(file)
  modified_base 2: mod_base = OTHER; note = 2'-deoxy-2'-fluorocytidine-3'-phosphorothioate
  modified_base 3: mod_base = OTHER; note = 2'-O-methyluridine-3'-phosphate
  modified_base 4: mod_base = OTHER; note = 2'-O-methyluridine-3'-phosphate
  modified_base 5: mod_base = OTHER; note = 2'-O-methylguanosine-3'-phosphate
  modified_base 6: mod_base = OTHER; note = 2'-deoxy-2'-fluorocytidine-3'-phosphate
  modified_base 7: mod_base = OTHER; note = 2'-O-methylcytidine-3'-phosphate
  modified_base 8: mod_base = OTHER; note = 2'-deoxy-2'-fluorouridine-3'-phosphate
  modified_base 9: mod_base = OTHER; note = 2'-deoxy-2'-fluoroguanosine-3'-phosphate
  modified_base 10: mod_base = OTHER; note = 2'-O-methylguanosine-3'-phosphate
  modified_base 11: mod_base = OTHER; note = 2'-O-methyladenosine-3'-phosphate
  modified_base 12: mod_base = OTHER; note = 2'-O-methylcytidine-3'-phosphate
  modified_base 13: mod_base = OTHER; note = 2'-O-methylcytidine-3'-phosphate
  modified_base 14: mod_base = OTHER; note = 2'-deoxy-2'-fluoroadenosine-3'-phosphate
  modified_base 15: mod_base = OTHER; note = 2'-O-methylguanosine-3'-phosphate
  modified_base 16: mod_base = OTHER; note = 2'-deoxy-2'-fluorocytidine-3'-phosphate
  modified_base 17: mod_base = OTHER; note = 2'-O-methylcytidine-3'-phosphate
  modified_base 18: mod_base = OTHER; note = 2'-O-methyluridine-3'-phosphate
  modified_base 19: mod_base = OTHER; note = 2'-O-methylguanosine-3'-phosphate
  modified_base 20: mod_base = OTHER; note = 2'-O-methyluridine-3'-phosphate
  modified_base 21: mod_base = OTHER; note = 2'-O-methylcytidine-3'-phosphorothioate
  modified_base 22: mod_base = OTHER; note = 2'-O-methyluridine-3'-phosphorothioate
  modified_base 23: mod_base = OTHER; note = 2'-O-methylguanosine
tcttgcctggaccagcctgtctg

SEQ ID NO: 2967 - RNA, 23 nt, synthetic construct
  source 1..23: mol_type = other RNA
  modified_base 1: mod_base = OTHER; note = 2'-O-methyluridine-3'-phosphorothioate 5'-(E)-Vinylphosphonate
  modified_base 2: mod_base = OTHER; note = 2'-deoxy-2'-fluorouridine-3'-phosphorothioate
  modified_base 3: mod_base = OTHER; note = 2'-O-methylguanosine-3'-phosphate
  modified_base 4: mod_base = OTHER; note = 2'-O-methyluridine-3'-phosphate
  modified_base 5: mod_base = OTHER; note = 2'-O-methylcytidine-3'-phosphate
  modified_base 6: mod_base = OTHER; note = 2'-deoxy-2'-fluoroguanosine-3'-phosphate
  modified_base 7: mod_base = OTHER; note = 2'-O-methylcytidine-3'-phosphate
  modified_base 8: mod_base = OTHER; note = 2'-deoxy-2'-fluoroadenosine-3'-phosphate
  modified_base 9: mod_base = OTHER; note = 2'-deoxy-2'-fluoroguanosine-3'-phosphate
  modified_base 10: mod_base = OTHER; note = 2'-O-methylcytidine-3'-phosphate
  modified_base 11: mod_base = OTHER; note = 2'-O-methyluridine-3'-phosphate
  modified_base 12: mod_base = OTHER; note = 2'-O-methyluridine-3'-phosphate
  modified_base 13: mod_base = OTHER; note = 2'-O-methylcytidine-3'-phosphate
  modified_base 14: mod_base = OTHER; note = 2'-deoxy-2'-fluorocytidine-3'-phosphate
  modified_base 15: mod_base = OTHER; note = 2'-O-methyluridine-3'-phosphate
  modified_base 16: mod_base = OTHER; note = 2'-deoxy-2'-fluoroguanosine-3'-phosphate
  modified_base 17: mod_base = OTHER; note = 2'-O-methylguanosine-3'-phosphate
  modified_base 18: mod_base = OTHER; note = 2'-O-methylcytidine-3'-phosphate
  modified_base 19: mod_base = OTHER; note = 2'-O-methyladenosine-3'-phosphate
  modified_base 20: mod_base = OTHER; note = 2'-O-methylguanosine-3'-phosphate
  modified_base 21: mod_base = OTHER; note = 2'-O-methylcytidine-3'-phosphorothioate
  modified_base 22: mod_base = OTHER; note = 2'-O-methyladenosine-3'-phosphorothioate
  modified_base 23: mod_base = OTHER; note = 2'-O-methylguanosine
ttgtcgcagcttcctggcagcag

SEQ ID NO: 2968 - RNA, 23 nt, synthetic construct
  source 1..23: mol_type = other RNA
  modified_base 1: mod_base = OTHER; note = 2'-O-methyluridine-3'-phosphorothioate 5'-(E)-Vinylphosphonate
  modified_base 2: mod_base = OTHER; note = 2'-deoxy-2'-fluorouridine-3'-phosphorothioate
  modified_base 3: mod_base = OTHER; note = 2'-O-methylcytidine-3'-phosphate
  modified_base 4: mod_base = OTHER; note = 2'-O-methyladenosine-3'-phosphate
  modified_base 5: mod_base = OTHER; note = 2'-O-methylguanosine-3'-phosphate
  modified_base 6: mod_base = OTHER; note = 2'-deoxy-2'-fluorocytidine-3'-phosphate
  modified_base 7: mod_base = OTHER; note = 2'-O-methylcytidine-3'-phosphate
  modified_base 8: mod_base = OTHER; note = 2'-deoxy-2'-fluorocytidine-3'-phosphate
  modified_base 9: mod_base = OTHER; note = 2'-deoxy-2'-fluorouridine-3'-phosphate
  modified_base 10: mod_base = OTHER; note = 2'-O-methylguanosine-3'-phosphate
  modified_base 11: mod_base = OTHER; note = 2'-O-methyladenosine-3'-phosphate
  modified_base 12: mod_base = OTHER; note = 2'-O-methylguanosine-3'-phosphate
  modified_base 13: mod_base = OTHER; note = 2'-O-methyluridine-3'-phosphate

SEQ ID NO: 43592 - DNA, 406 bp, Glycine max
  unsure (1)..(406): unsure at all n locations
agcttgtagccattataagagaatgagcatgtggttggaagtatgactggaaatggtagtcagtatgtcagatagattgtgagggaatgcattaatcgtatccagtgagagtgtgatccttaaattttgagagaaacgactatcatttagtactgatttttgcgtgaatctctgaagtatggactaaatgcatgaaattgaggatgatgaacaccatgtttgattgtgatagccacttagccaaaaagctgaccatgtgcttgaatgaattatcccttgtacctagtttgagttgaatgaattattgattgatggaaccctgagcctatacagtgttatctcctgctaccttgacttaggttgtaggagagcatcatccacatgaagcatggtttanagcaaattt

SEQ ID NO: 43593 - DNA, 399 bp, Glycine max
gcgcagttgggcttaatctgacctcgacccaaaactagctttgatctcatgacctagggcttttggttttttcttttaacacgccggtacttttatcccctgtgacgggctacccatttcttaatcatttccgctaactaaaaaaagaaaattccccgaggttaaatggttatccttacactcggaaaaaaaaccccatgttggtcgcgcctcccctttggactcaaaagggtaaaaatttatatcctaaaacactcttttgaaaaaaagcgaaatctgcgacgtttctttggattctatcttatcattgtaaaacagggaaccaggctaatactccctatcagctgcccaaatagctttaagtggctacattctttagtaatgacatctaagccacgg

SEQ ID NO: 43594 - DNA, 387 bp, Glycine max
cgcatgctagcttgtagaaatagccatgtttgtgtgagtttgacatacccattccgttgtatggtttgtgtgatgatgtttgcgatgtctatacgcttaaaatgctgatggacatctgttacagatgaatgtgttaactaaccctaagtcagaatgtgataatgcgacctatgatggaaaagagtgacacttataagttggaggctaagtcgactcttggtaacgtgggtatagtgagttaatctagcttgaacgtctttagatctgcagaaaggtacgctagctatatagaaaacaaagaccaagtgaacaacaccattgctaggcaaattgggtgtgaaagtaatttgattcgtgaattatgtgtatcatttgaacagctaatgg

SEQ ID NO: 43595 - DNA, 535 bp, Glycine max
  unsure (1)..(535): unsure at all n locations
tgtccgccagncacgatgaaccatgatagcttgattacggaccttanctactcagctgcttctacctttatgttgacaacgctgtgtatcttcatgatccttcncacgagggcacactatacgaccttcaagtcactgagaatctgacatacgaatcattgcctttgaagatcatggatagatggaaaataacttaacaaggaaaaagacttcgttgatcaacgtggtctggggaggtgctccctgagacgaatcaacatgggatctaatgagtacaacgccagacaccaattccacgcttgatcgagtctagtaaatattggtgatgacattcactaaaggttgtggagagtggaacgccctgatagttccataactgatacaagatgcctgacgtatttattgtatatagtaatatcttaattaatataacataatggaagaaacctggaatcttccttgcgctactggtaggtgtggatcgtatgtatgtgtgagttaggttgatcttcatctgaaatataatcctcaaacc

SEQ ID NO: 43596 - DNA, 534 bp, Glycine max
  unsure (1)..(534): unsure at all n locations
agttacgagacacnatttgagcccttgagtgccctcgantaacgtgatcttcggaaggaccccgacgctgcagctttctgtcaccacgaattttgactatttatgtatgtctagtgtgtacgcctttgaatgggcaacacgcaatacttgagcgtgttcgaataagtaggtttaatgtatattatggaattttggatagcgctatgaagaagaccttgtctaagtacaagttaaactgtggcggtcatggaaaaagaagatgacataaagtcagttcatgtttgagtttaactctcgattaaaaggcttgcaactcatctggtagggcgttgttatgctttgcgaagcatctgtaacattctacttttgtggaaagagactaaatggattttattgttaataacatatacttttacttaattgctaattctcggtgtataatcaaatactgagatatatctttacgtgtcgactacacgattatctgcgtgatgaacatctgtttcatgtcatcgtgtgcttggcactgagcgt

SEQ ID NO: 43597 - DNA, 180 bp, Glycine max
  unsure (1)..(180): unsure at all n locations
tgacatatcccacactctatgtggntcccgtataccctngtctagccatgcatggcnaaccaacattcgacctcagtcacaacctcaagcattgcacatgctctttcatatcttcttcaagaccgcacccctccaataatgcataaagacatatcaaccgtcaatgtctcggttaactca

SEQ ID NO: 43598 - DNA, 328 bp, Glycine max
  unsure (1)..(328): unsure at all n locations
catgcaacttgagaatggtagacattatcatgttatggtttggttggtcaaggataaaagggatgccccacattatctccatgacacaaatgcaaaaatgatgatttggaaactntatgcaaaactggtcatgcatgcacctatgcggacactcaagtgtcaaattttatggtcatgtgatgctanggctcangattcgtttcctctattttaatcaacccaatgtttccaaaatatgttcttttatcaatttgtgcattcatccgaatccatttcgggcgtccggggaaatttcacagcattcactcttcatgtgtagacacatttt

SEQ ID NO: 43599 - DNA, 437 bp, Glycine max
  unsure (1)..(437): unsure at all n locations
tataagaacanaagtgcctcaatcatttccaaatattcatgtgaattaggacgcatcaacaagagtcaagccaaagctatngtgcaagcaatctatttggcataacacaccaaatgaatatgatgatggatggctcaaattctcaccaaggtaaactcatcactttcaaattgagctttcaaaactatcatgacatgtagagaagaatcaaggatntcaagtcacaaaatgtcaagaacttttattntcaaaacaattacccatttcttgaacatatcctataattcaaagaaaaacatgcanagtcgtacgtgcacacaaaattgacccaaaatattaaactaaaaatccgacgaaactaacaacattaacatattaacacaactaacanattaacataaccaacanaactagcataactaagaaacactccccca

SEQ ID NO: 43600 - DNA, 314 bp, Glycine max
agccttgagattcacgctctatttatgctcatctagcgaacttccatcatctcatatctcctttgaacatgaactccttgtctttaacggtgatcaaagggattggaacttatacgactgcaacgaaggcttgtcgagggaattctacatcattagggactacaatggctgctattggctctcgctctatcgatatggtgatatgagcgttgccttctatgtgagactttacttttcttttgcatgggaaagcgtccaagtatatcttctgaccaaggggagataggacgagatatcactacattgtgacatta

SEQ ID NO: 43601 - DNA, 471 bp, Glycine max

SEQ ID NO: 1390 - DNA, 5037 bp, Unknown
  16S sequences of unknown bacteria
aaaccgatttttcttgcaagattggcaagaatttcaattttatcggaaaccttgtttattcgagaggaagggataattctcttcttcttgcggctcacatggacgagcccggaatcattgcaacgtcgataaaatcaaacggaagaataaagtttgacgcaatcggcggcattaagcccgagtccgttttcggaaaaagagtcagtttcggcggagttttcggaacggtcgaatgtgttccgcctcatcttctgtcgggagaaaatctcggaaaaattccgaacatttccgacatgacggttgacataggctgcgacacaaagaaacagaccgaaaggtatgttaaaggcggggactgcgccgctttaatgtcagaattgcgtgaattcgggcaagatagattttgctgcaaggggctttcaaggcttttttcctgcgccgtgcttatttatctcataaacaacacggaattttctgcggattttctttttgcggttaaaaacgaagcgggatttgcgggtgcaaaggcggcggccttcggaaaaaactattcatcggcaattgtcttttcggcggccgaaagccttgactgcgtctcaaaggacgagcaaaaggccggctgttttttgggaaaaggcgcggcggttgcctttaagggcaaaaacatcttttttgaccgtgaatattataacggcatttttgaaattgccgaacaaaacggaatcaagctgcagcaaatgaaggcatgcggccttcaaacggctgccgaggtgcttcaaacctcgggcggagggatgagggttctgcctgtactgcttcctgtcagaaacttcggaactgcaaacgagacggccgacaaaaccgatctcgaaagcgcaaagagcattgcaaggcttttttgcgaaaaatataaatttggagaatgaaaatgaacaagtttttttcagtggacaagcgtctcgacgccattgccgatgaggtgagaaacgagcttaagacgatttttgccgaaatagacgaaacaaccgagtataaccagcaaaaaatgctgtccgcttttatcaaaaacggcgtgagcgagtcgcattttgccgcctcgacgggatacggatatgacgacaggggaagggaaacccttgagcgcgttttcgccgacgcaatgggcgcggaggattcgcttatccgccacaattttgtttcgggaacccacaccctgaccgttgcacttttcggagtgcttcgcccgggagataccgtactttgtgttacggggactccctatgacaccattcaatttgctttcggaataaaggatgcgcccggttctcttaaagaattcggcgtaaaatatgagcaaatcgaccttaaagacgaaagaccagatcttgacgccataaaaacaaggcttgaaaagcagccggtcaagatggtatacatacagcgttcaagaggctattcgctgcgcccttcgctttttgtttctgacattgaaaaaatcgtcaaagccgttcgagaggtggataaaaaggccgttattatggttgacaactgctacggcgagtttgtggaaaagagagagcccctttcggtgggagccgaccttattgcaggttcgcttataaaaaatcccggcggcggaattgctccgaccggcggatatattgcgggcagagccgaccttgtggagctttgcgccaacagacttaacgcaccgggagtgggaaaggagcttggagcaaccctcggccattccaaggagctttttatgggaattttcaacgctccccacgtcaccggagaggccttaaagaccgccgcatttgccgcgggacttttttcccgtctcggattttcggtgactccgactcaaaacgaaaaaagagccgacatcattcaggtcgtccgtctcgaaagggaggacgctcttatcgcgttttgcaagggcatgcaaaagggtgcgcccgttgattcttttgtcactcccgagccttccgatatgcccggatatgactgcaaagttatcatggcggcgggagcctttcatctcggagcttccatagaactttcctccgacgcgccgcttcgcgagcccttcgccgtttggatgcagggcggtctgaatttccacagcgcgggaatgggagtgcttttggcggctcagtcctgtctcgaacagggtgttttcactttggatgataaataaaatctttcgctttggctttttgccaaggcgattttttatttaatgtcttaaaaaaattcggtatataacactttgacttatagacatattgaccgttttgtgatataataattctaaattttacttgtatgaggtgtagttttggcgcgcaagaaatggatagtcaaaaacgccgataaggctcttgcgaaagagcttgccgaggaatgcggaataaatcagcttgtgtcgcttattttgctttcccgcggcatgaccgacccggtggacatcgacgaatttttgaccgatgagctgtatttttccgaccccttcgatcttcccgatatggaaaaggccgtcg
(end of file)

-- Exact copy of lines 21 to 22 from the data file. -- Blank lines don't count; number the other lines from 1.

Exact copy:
  modified_base 22: mod_base = OTHER; note = 2'-O-methyluridine-3'-phosphorothioate
  modified_base 23: mod_base = OTHER; note = 2'-O-methylguanosine